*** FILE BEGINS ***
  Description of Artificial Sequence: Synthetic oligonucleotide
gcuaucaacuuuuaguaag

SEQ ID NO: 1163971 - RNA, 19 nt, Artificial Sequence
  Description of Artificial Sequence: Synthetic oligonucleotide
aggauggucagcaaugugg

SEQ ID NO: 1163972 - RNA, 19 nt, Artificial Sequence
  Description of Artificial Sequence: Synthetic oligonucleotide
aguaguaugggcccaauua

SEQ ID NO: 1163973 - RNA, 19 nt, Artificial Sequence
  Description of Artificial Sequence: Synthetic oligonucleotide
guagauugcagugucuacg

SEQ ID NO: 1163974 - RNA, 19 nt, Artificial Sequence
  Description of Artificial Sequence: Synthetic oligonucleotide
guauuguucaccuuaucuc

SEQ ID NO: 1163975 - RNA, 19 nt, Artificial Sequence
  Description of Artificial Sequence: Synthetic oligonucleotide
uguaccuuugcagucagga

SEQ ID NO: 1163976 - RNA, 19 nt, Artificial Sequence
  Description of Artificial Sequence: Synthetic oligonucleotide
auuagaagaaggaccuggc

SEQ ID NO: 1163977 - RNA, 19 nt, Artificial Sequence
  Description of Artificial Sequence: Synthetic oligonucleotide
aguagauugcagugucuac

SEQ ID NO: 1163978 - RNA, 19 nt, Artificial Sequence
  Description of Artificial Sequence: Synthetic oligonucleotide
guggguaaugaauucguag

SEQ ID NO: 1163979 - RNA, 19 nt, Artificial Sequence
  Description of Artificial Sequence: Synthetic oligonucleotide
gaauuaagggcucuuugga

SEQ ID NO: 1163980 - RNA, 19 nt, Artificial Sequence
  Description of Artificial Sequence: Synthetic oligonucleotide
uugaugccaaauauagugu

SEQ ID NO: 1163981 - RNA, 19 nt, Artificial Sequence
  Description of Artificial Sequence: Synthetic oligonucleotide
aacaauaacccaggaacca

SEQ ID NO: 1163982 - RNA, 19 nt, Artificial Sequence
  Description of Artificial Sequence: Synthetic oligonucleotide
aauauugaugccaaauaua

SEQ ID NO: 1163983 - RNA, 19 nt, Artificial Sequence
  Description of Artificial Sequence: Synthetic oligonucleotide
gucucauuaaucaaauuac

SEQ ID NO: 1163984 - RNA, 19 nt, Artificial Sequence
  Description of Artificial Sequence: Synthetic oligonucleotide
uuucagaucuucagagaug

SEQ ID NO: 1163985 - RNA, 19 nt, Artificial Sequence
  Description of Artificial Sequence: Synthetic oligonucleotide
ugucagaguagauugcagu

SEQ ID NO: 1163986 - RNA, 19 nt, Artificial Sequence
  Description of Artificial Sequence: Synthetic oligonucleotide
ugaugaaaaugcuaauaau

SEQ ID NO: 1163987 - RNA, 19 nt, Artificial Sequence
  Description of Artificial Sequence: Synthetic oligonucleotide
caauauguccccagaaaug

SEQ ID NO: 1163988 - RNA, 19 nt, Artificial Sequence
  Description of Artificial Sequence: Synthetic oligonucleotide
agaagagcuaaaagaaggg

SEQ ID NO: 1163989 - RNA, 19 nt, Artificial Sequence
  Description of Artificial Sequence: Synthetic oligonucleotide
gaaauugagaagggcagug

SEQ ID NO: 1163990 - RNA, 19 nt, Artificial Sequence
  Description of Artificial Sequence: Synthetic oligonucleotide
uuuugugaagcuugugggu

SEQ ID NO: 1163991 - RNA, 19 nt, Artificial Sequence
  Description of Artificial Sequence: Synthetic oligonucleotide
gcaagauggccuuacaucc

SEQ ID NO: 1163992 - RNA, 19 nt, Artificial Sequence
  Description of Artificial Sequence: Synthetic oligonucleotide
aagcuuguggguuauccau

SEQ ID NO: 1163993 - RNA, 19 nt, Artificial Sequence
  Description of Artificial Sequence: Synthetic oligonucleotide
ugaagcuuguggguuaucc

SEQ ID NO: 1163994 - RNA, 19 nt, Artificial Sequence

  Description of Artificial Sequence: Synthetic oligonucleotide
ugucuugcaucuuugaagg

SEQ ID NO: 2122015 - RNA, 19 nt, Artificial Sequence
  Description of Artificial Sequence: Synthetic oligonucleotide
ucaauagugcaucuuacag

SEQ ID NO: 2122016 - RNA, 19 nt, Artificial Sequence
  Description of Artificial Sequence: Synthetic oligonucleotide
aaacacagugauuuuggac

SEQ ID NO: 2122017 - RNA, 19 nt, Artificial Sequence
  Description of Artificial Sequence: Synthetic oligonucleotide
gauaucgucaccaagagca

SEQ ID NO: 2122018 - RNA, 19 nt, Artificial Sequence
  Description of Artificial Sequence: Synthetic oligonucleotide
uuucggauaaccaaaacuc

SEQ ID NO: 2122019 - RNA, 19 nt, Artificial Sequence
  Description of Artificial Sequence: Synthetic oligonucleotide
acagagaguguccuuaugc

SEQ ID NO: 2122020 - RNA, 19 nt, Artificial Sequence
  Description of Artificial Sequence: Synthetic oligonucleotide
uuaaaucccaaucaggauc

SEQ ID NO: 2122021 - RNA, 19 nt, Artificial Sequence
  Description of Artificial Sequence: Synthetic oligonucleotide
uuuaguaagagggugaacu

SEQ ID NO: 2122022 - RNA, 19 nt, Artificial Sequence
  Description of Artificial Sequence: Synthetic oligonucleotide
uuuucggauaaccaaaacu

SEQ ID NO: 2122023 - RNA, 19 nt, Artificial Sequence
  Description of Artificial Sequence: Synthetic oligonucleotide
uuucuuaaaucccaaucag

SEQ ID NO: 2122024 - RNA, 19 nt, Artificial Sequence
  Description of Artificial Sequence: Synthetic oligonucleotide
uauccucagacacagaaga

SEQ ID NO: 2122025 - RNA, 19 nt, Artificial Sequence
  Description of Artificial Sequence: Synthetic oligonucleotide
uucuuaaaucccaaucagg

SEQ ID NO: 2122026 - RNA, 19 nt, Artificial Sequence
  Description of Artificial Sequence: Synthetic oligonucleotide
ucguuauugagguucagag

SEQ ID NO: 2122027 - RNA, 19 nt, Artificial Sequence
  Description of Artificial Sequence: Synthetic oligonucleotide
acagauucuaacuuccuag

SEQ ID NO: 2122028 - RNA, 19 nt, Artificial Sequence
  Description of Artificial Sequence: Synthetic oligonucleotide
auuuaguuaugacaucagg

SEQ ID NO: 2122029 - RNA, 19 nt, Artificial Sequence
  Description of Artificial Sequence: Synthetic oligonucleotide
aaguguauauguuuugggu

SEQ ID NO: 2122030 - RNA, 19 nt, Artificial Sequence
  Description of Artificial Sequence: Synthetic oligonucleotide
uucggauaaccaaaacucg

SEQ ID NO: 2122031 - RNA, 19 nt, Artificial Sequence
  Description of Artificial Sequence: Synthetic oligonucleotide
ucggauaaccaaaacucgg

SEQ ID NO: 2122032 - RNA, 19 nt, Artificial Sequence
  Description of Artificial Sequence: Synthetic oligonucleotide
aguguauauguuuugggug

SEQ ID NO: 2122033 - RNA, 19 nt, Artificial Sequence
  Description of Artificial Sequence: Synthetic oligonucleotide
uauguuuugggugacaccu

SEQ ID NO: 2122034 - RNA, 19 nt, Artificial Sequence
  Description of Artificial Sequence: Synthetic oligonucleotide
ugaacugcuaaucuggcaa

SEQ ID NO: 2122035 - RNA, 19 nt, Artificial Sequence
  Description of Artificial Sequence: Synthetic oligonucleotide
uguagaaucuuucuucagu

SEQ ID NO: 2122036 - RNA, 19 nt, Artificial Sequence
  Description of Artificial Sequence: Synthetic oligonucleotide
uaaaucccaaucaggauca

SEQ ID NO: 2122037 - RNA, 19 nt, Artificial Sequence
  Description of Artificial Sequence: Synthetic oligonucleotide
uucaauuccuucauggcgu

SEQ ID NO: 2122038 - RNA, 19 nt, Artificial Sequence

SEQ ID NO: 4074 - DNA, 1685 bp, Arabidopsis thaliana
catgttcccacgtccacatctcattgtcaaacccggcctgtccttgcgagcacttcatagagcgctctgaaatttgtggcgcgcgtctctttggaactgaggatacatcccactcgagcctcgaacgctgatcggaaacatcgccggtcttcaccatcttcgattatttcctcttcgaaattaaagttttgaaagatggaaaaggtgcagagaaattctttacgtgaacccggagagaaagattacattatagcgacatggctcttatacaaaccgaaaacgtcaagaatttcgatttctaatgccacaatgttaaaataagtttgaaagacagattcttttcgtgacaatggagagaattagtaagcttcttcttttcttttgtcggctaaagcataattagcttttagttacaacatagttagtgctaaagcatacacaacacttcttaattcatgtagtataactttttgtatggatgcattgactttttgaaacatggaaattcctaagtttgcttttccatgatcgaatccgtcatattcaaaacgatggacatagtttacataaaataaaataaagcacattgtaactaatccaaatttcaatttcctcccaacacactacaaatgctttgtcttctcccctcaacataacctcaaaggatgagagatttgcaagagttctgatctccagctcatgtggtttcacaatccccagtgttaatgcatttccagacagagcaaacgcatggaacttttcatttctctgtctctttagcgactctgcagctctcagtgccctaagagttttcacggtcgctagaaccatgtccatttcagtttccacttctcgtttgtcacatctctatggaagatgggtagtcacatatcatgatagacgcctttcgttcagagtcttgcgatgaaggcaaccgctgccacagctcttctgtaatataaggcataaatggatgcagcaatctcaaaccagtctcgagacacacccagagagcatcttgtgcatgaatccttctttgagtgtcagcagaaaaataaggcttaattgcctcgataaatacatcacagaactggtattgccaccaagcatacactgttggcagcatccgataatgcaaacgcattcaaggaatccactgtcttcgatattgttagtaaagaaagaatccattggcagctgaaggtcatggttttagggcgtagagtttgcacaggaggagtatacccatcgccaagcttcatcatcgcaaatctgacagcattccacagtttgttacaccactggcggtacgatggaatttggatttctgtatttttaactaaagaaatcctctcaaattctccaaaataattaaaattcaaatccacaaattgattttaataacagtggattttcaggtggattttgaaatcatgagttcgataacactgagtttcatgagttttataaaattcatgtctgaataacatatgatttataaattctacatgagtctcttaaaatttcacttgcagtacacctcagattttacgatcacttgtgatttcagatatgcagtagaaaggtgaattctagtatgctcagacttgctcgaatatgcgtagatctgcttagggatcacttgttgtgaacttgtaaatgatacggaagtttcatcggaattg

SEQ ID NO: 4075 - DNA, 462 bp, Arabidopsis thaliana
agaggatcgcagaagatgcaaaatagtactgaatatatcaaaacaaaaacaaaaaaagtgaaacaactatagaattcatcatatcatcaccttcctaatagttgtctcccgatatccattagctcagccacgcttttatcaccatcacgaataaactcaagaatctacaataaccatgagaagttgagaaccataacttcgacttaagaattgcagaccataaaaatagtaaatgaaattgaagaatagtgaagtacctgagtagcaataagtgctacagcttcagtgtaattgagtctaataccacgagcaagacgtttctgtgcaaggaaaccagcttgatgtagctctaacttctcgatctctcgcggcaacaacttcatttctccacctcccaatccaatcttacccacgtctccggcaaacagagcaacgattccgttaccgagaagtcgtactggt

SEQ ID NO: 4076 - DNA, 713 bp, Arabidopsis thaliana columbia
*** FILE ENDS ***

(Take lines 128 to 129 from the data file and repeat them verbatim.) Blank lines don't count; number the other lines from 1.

aguguauauguuuugggug

SEQ ID NO: 2122033 - RNA, 19 nt, Artificial Sequence